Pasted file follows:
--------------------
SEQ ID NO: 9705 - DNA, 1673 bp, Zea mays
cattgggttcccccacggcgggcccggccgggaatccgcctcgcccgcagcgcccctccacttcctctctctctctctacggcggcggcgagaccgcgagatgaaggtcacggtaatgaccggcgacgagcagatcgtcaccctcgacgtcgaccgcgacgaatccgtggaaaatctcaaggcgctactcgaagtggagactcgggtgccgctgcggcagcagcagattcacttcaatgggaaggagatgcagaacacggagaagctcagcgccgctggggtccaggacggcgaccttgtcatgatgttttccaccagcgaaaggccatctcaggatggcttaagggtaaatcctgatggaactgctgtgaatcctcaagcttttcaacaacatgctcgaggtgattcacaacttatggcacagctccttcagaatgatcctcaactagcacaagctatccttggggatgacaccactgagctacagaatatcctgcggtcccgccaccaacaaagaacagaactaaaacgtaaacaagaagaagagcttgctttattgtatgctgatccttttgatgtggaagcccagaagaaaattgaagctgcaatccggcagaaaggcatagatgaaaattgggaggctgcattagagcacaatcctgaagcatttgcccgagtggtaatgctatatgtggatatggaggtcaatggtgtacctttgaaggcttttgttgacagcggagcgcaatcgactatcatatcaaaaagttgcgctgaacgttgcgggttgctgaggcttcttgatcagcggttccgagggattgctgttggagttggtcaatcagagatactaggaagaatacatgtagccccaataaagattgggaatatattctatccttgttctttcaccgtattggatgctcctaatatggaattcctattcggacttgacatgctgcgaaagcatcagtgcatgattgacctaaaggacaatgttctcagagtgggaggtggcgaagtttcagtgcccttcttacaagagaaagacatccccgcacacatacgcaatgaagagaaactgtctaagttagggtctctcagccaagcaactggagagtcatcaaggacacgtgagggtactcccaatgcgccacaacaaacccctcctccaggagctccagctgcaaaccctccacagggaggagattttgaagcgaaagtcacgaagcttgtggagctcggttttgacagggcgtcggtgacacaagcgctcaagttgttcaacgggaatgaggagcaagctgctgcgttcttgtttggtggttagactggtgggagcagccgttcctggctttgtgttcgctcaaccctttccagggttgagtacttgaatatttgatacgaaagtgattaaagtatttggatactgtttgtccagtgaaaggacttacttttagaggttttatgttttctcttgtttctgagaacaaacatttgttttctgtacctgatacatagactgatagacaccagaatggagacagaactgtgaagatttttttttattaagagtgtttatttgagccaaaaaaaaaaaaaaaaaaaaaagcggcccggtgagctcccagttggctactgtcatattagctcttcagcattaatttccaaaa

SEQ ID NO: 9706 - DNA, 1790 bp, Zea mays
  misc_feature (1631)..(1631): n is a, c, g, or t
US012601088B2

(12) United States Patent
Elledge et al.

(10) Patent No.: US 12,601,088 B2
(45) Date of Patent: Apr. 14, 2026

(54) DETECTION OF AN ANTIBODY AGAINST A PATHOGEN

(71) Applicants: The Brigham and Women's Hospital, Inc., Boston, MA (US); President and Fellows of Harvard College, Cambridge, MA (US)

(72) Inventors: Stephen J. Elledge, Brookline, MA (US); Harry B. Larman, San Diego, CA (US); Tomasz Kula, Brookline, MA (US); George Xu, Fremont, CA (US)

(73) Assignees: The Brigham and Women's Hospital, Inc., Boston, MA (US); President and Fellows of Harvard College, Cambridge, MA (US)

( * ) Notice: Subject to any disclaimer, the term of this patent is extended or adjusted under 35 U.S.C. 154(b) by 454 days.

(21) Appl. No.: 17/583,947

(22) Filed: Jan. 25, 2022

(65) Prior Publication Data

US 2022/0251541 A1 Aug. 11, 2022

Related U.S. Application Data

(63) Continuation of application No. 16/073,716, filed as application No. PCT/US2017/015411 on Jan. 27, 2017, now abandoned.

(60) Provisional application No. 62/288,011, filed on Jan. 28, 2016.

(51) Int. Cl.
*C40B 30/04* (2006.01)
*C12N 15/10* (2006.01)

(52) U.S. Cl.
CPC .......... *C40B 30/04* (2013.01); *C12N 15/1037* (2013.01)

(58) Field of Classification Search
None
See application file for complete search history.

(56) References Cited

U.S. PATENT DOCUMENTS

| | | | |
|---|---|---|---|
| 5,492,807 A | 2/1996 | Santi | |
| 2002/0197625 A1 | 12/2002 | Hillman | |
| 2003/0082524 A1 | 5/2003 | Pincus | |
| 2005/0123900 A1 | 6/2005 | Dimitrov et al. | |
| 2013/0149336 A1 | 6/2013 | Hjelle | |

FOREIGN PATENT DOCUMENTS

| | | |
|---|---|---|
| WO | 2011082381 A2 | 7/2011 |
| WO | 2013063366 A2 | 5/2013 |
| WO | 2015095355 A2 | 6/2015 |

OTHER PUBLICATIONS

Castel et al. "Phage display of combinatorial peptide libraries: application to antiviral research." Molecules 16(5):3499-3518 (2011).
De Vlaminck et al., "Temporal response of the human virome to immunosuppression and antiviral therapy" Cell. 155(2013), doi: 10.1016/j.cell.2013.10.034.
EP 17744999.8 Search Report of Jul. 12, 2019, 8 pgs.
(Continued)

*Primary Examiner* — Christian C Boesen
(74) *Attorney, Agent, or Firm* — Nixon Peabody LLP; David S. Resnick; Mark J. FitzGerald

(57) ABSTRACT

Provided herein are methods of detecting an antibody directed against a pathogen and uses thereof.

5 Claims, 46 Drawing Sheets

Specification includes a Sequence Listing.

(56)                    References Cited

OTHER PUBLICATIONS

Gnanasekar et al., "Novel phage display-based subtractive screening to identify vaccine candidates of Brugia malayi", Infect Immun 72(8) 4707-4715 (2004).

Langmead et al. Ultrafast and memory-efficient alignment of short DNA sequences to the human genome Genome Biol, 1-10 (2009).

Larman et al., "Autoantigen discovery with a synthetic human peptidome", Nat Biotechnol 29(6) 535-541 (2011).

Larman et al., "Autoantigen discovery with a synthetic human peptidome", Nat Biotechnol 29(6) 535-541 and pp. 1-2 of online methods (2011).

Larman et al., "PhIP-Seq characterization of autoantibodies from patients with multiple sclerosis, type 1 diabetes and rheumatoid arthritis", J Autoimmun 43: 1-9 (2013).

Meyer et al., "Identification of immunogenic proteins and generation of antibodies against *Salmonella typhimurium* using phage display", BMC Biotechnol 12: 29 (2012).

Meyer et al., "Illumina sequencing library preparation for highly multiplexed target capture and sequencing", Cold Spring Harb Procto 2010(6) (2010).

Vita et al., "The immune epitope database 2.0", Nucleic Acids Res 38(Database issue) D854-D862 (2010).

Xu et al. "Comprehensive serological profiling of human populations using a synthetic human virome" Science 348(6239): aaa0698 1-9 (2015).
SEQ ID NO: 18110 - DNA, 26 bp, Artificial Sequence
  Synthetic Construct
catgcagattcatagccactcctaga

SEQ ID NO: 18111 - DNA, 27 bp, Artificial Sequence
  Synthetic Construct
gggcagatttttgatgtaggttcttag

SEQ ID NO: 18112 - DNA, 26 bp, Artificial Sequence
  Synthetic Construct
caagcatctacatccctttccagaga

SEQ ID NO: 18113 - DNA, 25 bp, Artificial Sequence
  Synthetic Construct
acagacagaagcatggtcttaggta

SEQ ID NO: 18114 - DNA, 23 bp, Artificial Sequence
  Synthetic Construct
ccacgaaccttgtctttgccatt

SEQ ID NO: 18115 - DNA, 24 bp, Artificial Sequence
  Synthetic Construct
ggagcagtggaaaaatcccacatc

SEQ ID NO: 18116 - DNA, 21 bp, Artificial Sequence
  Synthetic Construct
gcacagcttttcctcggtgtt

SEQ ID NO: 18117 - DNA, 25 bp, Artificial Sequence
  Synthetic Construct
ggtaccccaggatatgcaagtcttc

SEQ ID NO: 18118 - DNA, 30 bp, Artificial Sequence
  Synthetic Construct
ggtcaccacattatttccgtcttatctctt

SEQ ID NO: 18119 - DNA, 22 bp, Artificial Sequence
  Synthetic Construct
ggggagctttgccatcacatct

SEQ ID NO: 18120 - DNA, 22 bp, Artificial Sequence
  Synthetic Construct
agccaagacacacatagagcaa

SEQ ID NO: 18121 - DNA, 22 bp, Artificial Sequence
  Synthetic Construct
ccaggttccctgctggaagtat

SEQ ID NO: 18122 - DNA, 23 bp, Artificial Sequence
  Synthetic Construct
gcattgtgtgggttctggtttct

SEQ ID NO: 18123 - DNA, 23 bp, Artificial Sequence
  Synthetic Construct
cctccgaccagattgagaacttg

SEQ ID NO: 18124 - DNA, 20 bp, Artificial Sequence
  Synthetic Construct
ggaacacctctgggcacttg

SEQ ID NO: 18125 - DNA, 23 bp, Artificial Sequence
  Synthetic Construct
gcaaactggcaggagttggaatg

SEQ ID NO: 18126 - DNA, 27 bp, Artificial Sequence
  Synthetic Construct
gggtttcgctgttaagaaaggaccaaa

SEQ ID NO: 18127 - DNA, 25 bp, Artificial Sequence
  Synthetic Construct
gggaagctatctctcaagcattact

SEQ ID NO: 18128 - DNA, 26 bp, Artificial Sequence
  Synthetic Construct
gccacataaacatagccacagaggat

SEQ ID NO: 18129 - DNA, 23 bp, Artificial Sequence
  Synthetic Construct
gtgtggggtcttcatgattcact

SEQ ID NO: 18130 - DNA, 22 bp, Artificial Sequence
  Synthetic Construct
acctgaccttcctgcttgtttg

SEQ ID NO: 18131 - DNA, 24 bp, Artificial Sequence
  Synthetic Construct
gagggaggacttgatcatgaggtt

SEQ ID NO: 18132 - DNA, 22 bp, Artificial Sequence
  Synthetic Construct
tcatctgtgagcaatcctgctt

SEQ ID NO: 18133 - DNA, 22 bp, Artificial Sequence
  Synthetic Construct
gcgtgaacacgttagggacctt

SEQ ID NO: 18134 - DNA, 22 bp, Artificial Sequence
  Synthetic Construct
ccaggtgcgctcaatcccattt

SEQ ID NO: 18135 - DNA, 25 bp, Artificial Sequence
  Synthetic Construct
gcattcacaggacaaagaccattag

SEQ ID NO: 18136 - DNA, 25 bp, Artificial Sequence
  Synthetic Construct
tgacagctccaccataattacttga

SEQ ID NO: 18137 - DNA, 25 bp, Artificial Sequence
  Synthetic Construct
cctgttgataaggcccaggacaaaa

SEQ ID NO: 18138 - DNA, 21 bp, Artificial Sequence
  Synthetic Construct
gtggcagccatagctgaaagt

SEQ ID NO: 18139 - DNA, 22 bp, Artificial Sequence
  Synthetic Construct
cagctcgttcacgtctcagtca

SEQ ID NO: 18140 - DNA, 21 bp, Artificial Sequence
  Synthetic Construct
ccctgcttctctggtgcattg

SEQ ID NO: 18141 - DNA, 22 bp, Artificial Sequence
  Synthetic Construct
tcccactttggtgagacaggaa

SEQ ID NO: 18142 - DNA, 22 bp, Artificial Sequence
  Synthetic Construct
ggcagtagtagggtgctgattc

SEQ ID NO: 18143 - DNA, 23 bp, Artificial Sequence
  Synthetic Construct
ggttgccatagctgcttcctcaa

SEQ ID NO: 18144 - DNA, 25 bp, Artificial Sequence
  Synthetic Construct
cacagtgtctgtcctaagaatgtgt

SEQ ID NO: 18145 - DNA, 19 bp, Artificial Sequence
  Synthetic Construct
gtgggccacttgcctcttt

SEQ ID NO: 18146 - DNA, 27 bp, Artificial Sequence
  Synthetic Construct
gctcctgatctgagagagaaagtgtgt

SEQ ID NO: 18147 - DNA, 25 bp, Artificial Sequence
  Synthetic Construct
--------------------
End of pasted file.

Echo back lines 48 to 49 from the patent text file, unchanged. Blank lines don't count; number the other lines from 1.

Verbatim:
EP 17744999.8 Search Report of Jul. 12, 2019, 8 pgs.
(Continued)